Different companies use different robotic gadgets and different adjustable critical parts as per their customers’ needs. The actuators used should also be compact and strong. In addition, these should be capable of meeting the speed and movement requirements for the targeted motion, such as sitting, standing, and walking, to minimise any inconvenience to the wearer.
Actuators can be electric, pneumatic, hydraulic, shaped memory alloy (SMA), or passive. Selecting the joints should be done carefully to achieve a range of degrees of freedom for a range of motion as per the human anatomy.
In case of the upper limb, exoskeleton joints are needed for shoulders, elbow, and wrist. In case of the lower limb, exoskeleton joints are needed for the hip, knee, and ankle. Leading companies increase the range of degrees of freedom of joints and the range of motion so that the user feels comfortable.
However, for patients who have lost their muscular activity in their limbs, the range of degrees of freedom should be restricted to prevent uncontrolled movements.
Manufacturers will perform a Clinical Gait Analysis (CGA) to determine the required degrees of freedom and also calculate the required joint movements for the targeted motion. If joints are to be powered, it is done by DC motors.
Controlling the exoskeleton is based on the human-exoskeleton interaction, which is done using interaction signals between the user and the device. But, unfortunately, many paraplegic patients are not able to generate a human-exoskeleton interaction. In such cases, some companies use electromyography (EMG) in determining the user’s intentions. But EMG produces noise and also requires extensive signal conditioning.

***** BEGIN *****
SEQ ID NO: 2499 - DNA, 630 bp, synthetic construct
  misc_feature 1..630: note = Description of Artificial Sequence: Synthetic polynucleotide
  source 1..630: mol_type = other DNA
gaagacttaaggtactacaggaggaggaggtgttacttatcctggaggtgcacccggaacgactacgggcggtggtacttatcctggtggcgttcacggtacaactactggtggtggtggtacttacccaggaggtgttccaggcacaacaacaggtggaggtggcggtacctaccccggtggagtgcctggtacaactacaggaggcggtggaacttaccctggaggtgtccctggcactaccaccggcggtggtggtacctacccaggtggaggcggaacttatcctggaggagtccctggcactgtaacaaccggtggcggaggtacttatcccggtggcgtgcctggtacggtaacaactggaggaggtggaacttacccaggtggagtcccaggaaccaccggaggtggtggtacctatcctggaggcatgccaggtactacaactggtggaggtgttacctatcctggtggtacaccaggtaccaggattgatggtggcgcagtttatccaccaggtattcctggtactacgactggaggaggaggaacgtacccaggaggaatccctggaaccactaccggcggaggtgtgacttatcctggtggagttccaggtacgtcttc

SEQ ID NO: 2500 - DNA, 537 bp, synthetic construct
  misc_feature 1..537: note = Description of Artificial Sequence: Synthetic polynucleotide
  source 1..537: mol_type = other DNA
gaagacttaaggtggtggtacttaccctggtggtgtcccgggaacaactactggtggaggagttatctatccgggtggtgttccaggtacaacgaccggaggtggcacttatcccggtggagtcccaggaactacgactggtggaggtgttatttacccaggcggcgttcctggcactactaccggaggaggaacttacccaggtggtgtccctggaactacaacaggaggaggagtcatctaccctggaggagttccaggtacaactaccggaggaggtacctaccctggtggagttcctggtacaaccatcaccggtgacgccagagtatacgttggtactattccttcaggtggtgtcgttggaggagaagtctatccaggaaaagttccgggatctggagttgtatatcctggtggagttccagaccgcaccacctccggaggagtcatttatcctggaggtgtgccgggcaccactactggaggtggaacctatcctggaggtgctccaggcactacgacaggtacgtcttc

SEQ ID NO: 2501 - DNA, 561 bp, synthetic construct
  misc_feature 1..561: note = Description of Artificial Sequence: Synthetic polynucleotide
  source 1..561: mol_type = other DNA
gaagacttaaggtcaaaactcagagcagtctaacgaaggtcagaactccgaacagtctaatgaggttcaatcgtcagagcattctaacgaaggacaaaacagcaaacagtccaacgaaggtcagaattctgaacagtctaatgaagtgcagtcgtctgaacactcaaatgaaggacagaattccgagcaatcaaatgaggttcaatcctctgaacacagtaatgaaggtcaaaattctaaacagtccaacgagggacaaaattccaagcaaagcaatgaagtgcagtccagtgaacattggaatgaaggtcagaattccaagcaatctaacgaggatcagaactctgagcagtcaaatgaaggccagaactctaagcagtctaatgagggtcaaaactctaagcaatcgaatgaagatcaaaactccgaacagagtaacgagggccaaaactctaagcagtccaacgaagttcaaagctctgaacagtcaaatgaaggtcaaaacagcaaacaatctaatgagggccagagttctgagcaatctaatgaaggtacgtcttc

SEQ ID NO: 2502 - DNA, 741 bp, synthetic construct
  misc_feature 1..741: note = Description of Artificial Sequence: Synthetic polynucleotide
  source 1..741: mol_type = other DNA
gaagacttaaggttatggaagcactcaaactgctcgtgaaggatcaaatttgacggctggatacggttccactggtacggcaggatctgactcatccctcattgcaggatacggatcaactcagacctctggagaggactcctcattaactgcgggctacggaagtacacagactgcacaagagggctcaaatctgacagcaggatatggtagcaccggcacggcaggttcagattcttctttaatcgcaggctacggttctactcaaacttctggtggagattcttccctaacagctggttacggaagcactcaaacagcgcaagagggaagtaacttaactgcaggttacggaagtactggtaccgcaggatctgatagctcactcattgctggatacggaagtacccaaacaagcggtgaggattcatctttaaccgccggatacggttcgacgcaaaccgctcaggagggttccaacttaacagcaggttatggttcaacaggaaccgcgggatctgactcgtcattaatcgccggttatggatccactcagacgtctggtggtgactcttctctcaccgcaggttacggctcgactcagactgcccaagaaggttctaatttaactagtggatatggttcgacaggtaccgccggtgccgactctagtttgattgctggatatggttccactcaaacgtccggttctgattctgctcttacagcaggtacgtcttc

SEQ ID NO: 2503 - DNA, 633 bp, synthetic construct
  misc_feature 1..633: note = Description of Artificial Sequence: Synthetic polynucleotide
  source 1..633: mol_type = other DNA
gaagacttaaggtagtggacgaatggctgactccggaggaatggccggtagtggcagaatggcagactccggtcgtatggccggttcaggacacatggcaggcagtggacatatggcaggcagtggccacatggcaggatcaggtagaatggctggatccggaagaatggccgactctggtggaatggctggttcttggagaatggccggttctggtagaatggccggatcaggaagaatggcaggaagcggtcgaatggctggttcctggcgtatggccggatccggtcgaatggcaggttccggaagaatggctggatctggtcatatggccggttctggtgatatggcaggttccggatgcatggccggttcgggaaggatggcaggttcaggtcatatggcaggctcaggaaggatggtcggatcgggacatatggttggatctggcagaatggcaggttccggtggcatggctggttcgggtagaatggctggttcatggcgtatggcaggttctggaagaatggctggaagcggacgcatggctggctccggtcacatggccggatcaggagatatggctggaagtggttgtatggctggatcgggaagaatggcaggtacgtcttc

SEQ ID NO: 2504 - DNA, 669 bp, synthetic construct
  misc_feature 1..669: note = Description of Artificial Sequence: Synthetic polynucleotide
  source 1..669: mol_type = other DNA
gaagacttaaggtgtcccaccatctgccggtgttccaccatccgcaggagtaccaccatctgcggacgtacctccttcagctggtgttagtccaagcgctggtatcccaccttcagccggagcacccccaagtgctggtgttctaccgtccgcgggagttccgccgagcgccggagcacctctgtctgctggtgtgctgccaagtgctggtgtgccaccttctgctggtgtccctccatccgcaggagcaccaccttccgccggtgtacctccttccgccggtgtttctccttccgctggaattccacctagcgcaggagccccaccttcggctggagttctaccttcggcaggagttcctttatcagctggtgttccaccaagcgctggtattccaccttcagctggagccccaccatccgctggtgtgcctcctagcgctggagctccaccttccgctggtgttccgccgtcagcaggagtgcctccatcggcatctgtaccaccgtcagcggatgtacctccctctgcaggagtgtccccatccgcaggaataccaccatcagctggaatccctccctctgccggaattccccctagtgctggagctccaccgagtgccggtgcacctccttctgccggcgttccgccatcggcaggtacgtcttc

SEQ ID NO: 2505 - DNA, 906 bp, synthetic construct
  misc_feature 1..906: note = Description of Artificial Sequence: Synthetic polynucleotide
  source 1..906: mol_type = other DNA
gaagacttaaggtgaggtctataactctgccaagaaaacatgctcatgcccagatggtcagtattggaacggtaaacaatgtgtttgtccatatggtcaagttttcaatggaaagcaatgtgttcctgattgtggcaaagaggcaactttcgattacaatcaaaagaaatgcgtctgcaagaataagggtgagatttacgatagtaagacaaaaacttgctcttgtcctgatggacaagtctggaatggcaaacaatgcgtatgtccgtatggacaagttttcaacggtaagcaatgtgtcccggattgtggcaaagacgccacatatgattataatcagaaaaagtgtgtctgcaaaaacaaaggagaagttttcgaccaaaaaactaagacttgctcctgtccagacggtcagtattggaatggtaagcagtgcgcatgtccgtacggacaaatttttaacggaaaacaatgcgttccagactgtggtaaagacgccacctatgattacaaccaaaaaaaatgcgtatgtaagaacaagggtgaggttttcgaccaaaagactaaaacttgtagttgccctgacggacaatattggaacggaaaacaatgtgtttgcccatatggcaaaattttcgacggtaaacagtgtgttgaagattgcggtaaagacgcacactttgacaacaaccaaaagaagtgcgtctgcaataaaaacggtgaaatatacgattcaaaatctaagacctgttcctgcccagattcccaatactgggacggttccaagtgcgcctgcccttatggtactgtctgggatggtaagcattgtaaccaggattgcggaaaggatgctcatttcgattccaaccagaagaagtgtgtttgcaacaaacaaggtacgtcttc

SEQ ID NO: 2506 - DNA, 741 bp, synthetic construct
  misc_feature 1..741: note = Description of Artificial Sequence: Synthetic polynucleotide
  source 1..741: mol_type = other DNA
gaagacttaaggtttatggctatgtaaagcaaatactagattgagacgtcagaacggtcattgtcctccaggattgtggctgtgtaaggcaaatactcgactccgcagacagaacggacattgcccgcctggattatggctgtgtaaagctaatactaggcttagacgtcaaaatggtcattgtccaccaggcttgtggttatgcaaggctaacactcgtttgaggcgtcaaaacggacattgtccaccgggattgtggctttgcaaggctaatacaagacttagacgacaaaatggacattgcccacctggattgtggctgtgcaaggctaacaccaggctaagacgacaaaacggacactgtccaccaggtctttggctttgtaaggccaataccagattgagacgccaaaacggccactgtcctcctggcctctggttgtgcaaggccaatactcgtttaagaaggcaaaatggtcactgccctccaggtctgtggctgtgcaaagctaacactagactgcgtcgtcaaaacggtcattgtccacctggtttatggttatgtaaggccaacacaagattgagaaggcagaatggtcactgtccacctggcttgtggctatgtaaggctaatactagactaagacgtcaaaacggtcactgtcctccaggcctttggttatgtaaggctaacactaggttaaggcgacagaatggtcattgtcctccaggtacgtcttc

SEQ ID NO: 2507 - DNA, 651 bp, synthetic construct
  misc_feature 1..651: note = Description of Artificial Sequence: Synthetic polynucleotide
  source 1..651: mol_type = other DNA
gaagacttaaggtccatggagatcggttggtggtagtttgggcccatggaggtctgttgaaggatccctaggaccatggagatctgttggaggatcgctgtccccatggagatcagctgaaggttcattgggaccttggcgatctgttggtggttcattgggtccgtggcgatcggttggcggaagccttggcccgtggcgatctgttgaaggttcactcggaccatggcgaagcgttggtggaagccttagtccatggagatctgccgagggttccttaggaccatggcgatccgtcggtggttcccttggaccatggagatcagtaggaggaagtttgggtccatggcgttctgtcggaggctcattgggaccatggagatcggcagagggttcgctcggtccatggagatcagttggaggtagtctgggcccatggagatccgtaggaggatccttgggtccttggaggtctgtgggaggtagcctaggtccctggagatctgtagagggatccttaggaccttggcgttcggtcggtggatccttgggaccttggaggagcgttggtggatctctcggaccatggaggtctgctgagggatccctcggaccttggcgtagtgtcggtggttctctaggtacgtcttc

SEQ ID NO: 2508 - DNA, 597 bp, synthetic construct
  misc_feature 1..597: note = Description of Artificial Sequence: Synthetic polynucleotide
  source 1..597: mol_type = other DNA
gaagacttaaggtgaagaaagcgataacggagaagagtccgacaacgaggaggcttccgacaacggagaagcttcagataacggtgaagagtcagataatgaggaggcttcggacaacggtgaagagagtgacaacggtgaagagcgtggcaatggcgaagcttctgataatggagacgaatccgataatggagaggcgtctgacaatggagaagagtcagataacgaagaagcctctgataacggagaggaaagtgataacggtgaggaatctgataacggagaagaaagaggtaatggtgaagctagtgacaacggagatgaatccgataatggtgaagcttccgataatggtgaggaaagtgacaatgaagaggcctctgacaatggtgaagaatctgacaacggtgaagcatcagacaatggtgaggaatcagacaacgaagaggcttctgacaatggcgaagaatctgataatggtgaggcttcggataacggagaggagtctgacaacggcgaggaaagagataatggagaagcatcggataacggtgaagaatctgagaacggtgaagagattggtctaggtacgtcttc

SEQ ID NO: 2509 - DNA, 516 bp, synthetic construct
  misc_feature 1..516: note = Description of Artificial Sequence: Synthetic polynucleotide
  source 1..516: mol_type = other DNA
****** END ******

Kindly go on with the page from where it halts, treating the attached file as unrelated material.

Pre-defined motion control (PMC) is more suitable because the user can select the intended motion, thereby reducing the computational and hardware complexity.
The exoskeleton has a number of input signals based on two features- structural feedback and human feedback. Structural feedback is associated with actual movements and relative position of the mobile parts of the exoskeleton, and human feedback is associated with the biological electrical signals generated by the human nervous system due to the action of exoskeleton on the human body and user’s intention to move.
Signals based on structural feedback are obtained from rotation encoders, force sensors torque sensors, etc, while human feedback is obtained from the user who wears the exoskeleton.
The electric signals due to the user’s nervous system are registered by using wired electrodes in contact with the user’s skin (usually laps, hips, etc), which are retrieved as EMG signals. Movement intention is analysed using electroencephalogram (EEG) signals. Brain-machine interfaces (BMI) are regularly used to recognise human motion intention. Other external interfaces like joystick can also be used to recognise human motion intention.
The technology promises to improve all the limb-functionalities required for carrying out actions for daily living by complementing or fully substituting human functions.
Exoskeletons give a new paradigm of control to the wearer that enables him/her to achieve dynamic hand-free walking. For people who have lost their hope, exoskeletons are making their dreams of standing or walking come true by enabling them to participate in a series of exoskeleton-supported activities with confidence and strength.
Several international exoskeleton companies are showing a sharp rise of fiscal sense every year in their profit. India shows a slow growth with very few exoskeleton companies as the initial investment keeps many potential engineers or businessmen out of the market.
Dr Krishna Naga works as a Physics teacher. She has over twenty years of experience in this field. Her hobbies include reading and writing